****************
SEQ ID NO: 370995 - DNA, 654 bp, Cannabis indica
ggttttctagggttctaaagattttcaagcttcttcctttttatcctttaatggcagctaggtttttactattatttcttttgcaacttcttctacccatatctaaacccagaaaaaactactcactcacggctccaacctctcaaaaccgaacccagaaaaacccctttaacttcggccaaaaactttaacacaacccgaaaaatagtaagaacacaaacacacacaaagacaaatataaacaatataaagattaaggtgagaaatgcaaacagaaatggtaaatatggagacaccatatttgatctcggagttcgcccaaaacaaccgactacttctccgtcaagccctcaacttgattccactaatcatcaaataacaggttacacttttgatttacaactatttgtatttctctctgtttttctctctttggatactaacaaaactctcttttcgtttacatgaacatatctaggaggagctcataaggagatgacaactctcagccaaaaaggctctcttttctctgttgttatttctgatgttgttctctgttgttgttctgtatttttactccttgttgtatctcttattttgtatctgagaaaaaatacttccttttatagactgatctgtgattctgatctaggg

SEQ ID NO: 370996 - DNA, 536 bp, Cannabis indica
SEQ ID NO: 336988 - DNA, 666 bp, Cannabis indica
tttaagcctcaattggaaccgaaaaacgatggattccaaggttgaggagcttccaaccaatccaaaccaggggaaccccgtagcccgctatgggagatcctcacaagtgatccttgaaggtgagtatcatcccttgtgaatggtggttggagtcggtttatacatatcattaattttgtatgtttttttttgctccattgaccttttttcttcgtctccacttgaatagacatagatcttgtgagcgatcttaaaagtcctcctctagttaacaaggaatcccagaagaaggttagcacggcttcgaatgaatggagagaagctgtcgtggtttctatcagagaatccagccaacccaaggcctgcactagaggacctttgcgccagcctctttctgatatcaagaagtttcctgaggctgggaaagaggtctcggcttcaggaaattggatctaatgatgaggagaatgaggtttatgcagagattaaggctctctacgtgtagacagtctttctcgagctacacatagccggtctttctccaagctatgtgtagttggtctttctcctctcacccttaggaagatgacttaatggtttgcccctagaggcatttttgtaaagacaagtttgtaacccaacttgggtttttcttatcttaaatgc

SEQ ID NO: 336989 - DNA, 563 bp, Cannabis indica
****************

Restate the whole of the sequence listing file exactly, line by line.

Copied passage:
SEQ ID NO: 370995 - DNA, 654 bp, Cannabis indica
ggttttctagggttctaaagattttcaagcttcttcctttttatcctttaatggcagctaggtttttactattatttcttttgcaacttcttctacccatatctaaacccagaaaaaactactcactcacggctccaacctctcaaaaccgaacccagaaaaacccctttaacttcggccaaaaactttaacacaacccgaaaaatagtaagaacacaaacacacacaaagacaaatataaacaatataaagattaaggtgagaaatgcaaacagaaatggtaaatatggagacaccatatttgatctcggagttcgcccaaaacaaccgactacttctccgtcaagccctcaacttgattccactaatcatcaaataacaggttacacttttgatttacaactatttgtatttctctctgtttttctctctttggatactaacaaaactctcttttcgtttacatgaacatatctaggaggagctcataaggagatgacaactctcagccaaaaaggctctcttttctctgttgttatttctgatgttgttctctgttgttgttctgtatttttactccttgttgtatctcttattttgtatctgagaaaaaatacttccttttatagactgatctgtgattctgatctaggg

SEQ ID NO: 370996 - DNA, 536 bp, Cannabis indica
SEQ ID NO: 336988 - DNA, 666 bp, Cannabis indica
tttaagcctcaattggaaccgaaaaacgatggattccaaggttgaggagcttccaaccaatccaaaccaggggaaccccgtagcccgctatgggagatcctcacaagtgatccttgaaggtgagtatcatcccttgtgaatggtggttggagtcggtttatacatatcattaattttgtatgtttttttttgctccattgaccttttttcttcgtctccacttgaatagacatagatcttgtgagcgatcttaaaagtcctcctctagttaacaaggaatcccagaagaaggttagcacggcttcgaatgaatggagagaagctgtcgtggtttctatcagagaatccagccaacccaaggcctgcactagaggacctttgcgccagcctctttctgatatcaagaagtttcctgaggctgggaaagaggtctcggcttcaggaaattggatctaatgatgaggagaatgaggtttatgcagagattaaggctctctacgtgtagacagtctttctcgagctacacatagccggtctttctccaagctatgtgtagttggtctttctcctctcacccttaggaagatgacttaatggtttgcccctagaggcatttttgtaaagacaagtttgtaacccaacttgggtttttcttatcttaaatgc

SEQ ID NO: 336989 - DNA, 563 bp, Cannabis indica